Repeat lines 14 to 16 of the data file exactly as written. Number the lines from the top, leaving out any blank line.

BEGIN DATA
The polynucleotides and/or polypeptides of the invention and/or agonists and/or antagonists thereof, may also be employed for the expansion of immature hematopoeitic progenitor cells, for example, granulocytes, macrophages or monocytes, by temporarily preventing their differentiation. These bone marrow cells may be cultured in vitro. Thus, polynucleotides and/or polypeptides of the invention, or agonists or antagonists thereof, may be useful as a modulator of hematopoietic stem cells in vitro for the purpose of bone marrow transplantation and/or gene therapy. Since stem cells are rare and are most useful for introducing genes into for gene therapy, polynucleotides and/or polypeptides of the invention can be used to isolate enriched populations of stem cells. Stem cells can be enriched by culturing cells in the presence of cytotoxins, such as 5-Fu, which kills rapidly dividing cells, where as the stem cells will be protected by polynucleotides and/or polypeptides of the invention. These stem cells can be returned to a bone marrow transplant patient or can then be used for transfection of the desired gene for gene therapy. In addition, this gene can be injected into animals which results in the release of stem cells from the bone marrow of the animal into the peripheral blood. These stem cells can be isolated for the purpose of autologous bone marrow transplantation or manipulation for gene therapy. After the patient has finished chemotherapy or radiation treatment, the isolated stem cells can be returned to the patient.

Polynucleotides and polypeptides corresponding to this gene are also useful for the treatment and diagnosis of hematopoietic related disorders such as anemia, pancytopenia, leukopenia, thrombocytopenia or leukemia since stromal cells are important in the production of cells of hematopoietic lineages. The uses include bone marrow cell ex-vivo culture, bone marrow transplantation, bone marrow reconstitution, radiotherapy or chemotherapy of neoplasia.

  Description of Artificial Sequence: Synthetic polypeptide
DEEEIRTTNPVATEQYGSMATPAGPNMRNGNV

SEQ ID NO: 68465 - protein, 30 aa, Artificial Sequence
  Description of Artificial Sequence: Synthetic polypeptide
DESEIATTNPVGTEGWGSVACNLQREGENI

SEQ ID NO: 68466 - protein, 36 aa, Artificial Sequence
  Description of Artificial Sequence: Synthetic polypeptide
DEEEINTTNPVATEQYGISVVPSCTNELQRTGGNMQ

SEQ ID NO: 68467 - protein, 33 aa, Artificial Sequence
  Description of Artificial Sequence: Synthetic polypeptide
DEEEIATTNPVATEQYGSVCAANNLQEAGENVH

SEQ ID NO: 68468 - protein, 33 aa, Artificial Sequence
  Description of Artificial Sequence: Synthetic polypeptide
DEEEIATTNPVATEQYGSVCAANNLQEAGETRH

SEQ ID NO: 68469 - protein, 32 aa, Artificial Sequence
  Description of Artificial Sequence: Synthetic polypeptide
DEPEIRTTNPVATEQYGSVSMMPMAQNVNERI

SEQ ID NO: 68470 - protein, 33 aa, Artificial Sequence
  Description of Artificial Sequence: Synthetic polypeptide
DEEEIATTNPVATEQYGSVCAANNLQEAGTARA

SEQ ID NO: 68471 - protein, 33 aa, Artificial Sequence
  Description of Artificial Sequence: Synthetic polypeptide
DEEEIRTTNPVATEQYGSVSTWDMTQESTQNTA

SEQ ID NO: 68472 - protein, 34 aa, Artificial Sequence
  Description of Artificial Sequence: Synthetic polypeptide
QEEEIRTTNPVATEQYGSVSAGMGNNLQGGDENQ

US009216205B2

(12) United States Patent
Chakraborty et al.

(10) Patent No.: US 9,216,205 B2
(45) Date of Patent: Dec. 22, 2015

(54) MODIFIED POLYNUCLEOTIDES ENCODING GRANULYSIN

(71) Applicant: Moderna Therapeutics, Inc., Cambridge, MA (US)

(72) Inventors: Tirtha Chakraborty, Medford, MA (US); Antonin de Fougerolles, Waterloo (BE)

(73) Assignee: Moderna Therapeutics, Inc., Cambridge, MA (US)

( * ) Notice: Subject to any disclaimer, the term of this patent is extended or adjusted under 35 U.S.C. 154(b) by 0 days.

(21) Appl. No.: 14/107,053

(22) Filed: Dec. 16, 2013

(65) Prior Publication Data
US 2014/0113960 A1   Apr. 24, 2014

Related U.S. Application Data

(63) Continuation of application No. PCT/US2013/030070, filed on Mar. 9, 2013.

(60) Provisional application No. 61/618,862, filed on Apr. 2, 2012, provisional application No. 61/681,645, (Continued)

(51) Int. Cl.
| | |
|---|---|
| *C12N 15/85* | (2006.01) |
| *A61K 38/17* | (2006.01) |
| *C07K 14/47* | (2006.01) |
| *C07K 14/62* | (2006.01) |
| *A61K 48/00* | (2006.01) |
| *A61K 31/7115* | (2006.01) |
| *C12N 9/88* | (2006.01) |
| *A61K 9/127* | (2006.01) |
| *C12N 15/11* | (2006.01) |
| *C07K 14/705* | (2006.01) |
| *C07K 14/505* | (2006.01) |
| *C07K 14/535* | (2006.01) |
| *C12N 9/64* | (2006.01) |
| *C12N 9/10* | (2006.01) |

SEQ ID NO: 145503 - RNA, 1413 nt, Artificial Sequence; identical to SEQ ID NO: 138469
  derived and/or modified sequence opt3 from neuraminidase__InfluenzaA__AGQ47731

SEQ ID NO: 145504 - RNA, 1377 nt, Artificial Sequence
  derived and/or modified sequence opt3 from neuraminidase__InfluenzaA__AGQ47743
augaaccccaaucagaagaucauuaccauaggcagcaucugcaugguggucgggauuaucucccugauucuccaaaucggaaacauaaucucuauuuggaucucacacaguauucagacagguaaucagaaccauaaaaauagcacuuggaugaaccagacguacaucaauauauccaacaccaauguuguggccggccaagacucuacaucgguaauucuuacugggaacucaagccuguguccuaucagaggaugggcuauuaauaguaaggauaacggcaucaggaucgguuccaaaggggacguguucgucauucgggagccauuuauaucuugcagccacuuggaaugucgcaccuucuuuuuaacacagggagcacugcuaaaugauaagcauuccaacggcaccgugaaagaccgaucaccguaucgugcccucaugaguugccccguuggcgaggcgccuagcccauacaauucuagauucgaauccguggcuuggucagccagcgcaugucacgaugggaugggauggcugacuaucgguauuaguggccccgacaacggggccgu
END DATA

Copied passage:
SEQ ID NO: 68468 - protein, 33 aa, Artificial Sequence
  Description of Artificial Sequence: Synthetic polypeptide
DEEEIATTNPVATEQYGSVCAANNLQEAGETRH